This is an arrangement of muscle fibers in the upper area of the ventricles that fuse to form an interconnected mass
What is the function of the syncytia?
Both syncytia are separated by a fibrous ring that acts as an insulator so that impulses are not conducted from the atria to the ventricles. Instead they ensure that the impulse moves through the AV node
Canine RBC life span
Feline RBC life span
Conduction of the heart
SA node initiates impulse
Impulse travels through internodal pathways in the atria
Impulse pauses at the AV node
Then travels down the bundle of His located in the interventricular septum to the apex
Impulse continues up the walls of the ventricles through the purkinjie fibers
Unique structures of the heart
bundle of His
This is the relaxation of a heart chamber prior to and during filling of a chamber
This is the contraction of the heart in the process of emptying
This refers to the one way flow of blood from venous side to arterial side due to the operation of the four cardiac valves.
This refers to the sequence of events that occur during one complete heartbeat
Cardiac Cycle Sequence
Atria fill from incoming blood through pulmonary vein and vena cavas
AV valves (Tricuspid and Mitral) open d/t to atrial pressure > ventricular pressure - atria contract
About 70% of the blood flows into the filling ventricles while about 30% backs up into the pulmonary vein and venae cavae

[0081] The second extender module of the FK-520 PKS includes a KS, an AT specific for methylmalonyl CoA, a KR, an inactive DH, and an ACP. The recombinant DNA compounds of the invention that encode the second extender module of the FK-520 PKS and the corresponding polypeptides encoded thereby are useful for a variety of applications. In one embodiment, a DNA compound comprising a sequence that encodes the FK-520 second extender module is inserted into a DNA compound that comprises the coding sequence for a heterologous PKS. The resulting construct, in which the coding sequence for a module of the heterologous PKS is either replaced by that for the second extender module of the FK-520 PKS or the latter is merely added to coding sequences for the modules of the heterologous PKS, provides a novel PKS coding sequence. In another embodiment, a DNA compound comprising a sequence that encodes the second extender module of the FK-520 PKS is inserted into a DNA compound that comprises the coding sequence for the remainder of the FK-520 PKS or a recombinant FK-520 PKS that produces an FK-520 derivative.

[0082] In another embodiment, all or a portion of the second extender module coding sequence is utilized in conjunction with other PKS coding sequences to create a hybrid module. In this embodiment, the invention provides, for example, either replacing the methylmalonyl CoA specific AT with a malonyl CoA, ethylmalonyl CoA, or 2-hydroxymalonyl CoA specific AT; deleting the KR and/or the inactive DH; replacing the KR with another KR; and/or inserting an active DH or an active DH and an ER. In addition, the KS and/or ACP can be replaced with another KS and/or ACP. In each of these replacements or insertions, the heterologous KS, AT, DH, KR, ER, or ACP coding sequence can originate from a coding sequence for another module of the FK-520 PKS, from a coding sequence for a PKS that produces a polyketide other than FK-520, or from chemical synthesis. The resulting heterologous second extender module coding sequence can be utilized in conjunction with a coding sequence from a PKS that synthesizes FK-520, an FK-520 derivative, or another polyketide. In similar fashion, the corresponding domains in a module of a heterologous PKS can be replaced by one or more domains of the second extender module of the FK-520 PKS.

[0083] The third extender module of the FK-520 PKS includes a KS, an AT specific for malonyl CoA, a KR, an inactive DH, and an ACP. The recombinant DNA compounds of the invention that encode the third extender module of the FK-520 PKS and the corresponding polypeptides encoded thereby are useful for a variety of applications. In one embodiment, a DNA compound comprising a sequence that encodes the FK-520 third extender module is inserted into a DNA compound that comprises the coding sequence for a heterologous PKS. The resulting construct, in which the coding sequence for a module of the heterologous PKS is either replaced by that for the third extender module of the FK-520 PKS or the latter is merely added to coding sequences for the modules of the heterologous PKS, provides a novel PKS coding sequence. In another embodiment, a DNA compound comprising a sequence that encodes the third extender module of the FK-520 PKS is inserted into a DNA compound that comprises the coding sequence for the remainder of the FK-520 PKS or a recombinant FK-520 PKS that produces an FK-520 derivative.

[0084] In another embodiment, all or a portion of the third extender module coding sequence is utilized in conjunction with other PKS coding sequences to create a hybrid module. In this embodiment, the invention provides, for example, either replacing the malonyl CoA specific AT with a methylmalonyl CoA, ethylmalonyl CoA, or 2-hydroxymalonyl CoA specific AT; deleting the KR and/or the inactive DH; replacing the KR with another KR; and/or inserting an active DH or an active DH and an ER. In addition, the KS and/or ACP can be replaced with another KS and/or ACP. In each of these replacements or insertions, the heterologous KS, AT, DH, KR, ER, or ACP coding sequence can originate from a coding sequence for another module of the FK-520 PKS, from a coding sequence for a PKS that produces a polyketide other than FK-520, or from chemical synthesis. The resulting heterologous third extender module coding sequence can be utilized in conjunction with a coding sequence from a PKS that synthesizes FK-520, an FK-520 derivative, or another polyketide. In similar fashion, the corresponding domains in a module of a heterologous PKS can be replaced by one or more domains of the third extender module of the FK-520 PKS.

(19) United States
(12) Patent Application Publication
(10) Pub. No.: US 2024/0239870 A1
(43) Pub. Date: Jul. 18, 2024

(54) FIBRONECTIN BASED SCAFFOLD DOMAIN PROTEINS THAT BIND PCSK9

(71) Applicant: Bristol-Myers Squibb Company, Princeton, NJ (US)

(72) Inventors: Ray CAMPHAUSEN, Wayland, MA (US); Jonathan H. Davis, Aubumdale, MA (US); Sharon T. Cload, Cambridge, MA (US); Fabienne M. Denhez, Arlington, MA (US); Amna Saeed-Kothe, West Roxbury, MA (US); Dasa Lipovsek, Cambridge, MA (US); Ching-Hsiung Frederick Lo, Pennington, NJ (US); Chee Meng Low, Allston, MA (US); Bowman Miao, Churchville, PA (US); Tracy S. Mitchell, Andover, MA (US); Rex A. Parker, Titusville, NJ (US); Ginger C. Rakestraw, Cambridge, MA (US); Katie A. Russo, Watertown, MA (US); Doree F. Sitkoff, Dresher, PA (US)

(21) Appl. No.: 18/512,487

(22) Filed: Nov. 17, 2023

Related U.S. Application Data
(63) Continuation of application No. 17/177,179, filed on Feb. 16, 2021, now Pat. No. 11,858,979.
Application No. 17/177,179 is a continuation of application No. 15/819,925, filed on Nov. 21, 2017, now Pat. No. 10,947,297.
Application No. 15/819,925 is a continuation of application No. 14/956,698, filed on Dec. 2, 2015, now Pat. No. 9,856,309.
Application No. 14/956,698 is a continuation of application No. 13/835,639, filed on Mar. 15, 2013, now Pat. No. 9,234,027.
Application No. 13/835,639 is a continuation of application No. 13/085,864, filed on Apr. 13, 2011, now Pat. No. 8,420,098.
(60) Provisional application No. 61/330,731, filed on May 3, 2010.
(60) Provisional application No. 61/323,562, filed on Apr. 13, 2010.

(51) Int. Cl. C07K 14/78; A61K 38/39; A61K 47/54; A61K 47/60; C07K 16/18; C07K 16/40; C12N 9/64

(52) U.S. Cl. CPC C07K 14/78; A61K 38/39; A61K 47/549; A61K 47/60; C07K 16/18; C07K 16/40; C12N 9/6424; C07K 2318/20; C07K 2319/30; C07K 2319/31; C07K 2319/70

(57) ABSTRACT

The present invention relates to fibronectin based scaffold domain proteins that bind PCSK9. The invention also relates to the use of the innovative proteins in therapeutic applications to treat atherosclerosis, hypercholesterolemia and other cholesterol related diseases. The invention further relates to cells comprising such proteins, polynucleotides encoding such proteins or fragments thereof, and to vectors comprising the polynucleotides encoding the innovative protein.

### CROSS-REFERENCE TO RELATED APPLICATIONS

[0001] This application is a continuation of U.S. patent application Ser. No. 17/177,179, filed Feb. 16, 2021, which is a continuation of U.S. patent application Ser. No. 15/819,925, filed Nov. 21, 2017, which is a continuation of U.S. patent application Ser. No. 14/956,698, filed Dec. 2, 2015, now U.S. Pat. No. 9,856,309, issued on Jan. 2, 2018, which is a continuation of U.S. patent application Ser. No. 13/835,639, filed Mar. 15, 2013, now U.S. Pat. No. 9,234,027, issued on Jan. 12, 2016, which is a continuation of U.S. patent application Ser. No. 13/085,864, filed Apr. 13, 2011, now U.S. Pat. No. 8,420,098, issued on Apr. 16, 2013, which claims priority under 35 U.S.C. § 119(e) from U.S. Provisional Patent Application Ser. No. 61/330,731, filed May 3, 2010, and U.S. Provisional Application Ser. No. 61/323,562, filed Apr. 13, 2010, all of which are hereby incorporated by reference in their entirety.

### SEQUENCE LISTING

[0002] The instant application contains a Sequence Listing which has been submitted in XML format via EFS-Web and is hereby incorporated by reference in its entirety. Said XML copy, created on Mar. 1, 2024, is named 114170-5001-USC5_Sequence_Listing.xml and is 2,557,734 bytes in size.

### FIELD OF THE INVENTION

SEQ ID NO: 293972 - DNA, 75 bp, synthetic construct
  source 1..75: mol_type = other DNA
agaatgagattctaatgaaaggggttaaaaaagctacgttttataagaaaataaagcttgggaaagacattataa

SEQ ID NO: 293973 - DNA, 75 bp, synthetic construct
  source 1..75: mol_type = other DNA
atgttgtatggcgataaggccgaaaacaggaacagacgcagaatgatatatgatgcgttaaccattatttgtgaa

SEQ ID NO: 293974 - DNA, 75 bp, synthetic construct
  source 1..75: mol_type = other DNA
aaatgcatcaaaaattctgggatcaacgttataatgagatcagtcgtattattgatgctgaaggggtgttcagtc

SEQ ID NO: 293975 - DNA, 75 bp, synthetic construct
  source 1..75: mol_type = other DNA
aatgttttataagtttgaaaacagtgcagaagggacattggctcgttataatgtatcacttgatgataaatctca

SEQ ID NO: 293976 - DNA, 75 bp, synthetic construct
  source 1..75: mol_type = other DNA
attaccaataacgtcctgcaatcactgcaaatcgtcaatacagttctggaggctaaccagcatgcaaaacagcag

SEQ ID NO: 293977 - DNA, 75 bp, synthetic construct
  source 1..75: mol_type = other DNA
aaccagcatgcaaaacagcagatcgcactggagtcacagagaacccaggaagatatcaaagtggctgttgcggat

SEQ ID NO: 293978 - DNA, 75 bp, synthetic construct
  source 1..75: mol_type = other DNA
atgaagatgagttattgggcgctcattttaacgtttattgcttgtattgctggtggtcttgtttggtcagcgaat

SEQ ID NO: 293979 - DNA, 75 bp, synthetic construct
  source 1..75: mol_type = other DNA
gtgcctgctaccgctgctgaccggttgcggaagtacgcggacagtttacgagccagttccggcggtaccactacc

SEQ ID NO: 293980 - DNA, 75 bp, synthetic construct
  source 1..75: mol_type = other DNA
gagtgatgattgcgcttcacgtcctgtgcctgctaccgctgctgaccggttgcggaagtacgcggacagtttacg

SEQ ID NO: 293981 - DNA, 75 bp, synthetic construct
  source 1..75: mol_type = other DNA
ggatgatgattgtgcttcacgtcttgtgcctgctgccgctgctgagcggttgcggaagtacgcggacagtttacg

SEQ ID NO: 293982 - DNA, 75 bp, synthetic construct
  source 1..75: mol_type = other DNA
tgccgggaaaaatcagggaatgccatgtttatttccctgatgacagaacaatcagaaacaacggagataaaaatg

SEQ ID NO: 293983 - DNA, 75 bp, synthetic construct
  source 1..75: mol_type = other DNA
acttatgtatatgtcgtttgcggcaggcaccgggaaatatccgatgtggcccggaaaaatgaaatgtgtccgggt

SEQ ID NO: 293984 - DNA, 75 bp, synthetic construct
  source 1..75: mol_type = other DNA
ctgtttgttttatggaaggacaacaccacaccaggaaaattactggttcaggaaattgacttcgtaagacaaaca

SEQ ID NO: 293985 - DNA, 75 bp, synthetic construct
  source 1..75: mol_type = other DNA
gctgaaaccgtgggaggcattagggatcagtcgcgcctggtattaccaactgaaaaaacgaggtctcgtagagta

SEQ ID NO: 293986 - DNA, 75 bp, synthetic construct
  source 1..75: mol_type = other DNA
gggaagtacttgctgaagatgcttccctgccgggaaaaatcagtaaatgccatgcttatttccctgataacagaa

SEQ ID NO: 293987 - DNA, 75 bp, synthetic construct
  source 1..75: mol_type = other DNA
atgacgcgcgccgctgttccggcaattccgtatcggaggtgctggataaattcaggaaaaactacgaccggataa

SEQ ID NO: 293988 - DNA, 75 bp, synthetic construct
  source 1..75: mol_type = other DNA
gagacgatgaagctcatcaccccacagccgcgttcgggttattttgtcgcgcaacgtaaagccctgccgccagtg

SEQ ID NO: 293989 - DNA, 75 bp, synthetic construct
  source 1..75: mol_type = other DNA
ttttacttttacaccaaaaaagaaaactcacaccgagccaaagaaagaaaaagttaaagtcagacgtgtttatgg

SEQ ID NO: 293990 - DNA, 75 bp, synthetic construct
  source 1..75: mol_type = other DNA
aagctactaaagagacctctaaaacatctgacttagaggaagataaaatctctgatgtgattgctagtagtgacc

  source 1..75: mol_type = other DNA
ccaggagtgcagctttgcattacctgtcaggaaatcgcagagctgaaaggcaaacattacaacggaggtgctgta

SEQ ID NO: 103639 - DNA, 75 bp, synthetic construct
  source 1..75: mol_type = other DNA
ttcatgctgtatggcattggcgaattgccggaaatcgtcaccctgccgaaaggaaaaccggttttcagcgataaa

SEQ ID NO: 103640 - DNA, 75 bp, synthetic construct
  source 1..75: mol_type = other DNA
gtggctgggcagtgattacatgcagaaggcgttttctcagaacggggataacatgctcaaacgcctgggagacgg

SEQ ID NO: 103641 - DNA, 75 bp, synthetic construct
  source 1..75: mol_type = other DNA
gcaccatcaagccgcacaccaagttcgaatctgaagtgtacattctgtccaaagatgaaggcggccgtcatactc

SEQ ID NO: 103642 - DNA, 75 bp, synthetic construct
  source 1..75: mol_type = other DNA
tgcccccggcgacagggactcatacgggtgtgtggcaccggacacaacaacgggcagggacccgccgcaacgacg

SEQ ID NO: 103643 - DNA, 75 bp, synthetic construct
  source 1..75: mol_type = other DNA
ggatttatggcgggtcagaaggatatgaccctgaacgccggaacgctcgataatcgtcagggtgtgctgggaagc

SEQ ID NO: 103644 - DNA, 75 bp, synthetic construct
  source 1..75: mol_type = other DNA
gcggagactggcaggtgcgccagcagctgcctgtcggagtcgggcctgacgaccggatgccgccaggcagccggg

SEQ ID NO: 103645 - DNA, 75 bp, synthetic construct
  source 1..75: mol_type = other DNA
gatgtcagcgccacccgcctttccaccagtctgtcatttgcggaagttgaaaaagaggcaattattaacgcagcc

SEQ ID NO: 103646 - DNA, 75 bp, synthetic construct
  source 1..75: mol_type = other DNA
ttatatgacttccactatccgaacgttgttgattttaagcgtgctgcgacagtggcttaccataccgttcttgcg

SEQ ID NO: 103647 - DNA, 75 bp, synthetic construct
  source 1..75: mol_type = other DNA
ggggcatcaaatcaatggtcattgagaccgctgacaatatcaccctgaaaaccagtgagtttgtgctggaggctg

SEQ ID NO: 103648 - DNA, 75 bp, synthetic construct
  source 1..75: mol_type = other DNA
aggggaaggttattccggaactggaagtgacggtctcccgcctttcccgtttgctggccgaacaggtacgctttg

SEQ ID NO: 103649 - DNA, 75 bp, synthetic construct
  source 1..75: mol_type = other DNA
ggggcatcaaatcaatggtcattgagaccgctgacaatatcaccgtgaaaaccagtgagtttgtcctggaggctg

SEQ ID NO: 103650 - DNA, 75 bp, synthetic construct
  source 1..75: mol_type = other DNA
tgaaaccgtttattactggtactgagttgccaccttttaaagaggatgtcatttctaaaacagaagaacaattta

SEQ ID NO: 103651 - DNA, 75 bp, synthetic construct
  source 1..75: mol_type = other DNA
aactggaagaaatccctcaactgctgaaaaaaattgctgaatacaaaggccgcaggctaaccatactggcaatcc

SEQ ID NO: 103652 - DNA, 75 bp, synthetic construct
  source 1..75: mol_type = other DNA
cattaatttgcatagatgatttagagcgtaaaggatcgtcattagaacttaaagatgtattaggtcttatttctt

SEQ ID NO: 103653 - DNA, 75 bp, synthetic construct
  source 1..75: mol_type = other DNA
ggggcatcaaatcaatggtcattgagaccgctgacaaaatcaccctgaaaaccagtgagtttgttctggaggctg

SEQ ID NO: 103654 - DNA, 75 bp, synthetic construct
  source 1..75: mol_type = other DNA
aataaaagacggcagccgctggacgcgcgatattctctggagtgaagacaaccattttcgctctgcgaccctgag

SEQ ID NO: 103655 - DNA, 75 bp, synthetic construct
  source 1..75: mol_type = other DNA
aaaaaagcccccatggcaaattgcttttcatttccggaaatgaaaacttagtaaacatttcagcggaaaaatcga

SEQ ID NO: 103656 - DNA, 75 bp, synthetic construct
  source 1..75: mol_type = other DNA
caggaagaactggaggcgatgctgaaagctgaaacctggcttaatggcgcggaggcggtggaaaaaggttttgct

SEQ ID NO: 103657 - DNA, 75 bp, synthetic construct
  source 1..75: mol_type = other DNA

Ventricles contract closing the AV valves (Lub) which allows the atria to relax/fill
The semilunar valves (pulmonic and aortic) open from increase pressure in the ventricles
Blood is ejected into the pulmonary artery and aorta
As the ventricles relax the pa and aorta contract and the pressure and blood backup close the semilunar valves (dup)
This is where the pressure equals the tension developed by the ventricle wall contraction divided by the sum of the 2 radii curvatures in cm.
Energy and O2 demands of the heart depend on:
tension and its relation to the force of myocaridal contractions
This is the INSTRUMENT that makes a recording of the voltage changes of the heart
This is the wave for RECORDING of the voltages changes of the heart
This represents the depolarization of the atria on an ECG
This represents the ventricular repolarization on an ECG
This represents the depolarization of the ventricles and repolarization of the atria on an ECG
This is the distance from the beginning of the P-wave to the QRS complex
This is the distance from the ending of the QRS complex to the beginning of the T-wave
Lymphatic circulation time
Systemic circulation time
Why do CO2 and O2 readily diffuse across simple squamous endothelial layer without having to use the intercellular clefts?
They are both lipophilic